Speaking at the Familias en Accion’s Latino Health Equity Conference in late June, Sinsi Hernandez-Cancio, director of health equity at Families USA, pointed to electronic health records or electronic medical records as an important source of information when it comes to uncovering patient populations that aren’t getting adequate care for chronic health problems. But at the same time, she emphasized that there are “two universes of data” healthcare providers always need to continue balancing. What are those two universes? Here’s what doctors, especially those working in family practice, need to be thinking about:
Electronic Records and the Potential for Big Data
If you haven’t already gotten started with a family practice EHR or EMR software, now’s the time to do so. These medical software systems offer numerous benefits. Some of those are internal (such as the 6% annual efficiency increase offered by an EHR). Others, such as the financial incentives offered by the Medicare and Medicaid programs, are external (as of 2013, 69% of physicians were intending to participate in those incentive programs).
But the rapid adoption of family practice EHR systems has also created the potential for insight garnered from “big data” — that is, the mining of the enormous data sets those EHR systems create. Consider this; of the physicians who don’t yet have EHR software, nearly half are planning to get started with a system in the next year. That means that soon, very few patients won’t be represented in the data in one way or another.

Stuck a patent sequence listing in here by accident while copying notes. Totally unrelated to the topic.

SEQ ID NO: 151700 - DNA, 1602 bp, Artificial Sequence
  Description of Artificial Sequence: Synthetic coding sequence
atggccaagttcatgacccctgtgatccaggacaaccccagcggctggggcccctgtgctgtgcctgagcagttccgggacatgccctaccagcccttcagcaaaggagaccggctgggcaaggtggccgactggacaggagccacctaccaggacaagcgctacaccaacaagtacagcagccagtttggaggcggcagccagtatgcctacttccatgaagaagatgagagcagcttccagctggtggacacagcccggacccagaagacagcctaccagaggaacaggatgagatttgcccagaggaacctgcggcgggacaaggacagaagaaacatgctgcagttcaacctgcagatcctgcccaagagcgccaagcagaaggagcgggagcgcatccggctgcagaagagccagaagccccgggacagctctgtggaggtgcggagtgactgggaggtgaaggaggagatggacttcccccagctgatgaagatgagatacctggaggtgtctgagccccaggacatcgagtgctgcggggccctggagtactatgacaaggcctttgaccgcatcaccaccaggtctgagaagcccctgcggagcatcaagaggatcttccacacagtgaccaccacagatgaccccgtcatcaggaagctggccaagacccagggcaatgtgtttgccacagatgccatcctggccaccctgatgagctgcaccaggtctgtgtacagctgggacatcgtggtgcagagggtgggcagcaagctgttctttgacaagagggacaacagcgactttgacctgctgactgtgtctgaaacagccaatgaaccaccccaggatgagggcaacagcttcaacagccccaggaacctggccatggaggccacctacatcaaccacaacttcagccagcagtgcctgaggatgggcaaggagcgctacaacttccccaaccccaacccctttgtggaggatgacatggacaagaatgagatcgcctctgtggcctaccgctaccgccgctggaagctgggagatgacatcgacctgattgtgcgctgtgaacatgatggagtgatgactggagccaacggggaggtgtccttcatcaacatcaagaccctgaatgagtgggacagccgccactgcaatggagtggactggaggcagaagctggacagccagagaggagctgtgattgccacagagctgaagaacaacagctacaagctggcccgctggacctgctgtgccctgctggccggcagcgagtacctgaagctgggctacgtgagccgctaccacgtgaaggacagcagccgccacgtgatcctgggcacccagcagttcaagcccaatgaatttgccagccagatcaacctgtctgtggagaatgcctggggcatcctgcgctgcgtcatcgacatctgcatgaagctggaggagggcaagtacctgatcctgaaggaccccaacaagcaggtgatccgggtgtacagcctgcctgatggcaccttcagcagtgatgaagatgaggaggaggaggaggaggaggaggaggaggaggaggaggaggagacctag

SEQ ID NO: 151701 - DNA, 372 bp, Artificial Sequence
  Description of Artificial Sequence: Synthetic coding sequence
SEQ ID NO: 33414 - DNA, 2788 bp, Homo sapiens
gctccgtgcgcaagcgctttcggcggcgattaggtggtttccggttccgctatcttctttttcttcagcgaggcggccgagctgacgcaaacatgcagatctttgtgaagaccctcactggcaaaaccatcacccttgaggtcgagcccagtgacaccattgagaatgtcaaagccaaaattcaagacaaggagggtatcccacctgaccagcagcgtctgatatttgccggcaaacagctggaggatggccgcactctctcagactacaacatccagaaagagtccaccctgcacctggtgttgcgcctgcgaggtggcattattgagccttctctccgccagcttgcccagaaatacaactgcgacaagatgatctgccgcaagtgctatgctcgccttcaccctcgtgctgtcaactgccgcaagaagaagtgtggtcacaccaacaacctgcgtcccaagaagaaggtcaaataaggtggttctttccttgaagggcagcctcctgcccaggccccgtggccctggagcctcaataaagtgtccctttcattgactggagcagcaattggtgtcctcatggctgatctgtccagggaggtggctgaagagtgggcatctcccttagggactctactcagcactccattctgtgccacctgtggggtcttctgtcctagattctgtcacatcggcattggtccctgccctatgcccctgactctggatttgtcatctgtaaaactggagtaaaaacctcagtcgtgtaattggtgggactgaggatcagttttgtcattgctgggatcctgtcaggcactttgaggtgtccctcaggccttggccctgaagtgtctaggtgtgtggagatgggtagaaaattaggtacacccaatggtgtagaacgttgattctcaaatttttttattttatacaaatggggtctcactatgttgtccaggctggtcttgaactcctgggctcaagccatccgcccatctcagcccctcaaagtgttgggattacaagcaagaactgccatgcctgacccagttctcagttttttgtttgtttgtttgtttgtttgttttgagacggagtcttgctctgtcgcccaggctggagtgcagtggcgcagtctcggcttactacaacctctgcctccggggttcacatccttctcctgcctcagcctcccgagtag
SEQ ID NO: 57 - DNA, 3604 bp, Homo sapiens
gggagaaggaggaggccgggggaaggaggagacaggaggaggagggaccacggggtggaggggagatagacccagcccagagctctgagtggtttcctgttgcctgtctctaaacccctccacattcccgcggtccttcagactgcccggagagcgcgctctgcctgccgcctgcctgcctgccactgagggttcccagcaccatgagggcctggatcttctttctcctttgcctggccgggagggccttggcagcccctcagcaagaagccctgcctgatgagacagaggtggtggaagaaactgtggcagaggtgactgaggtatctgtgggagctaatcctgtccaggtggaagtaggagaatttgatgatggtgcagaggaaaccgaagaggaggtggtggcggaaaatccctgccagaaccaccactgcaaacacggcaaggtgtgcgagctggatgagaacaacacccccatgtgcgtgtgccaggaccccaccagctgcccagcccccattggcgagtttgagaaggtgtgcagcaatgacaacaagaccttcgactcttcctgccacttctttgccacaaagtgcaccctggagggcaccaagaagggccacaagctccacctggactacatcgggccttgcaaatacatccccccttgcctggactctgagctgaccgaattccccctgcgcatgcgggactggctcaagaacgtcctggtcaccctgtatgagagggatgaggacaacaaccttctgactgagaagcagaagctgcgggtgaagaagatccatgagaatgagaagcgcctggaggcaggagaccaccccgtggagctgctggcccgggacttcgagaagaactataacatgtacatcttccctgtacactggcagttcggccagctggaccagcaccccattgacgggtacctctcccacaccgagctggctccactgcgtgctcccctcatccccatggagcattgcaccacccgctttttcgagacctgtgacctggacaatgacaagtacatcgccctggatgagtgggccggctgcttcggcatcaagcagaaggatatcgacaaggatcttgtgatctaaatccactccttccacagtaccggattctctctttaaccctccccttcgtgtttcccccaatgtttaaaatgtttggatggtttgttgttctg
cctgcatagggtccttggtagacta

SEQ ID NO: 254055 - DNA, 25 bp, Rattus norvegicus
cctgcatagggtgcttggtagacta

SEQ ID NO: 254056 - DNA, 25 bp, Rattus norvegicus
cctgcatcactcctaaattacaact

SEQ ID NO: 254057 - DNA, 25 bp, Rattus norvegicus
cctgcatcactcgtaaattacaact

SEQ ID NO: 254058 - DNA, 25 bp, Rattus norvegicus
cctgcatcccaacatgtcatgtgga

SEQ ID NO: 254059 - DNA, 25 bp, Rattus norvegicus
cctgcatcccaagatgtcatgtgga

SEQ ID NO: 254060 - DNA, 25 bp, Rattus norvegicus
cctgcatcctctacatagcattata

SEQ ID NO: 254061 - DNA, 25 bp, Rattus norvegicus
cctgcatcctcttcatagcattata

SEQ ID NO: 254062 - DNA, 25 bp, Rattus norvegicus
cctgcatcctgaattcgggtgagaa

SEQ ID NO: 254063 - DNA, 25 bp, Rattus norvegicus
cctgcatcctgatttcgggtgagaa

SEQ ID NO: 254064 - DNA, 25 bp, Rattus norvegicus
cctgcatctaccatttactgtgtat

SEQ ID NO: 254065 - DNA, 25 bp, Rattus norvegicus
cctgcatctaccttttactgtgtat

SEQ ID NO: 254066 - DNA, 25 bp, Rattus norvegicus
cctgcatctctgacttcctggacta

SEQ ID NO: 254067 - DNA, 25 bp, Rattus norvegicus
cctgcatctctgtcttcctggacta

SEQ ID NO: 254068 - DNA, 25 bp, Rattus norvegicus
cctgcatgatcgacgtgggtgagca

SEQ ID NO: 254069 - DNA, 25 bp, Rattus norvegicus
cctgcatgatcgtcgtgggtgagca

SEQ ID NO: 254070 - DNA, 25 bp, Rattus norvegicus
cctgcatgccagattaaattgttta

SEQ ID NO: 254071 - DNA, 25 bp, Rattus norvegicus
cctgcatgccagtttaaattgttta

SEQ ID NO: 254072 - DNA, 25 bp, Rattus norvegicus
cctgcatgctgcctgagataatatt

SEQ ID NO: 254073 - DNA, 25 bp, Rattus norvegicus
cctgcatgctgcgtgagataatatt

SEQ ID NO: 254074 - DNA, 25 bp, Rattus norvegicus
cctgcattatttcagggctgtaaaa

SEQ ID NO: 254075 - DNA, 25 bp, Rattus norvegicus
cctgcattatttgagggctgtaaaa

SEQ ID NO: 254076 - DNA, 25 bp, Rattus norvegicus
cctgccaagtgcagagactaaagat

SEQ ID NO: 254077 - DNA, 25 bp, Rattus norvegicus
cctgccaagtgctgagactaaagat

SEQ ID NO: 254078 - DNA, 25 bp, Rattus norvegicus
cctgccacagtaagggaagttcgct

Soft Data and the Value of Personal Stories
In the fervor to support electronic systems and big data, however, it’s important that physicians remember to keep doing what they have always done: listening to their patients and treating them with respect. Big data reveals important trends that can reveal health inequities. But just a few words from a patient may still hold the key to treating his or her health problems in the best possible way. All doctors, whether or not they’re already using family practice EHR systems, would be wise to heed Hernandez-Cancio’s words, as reported by The Lund Report: “Please don’t underestimate stories. Soft data needs to be taken seriously.”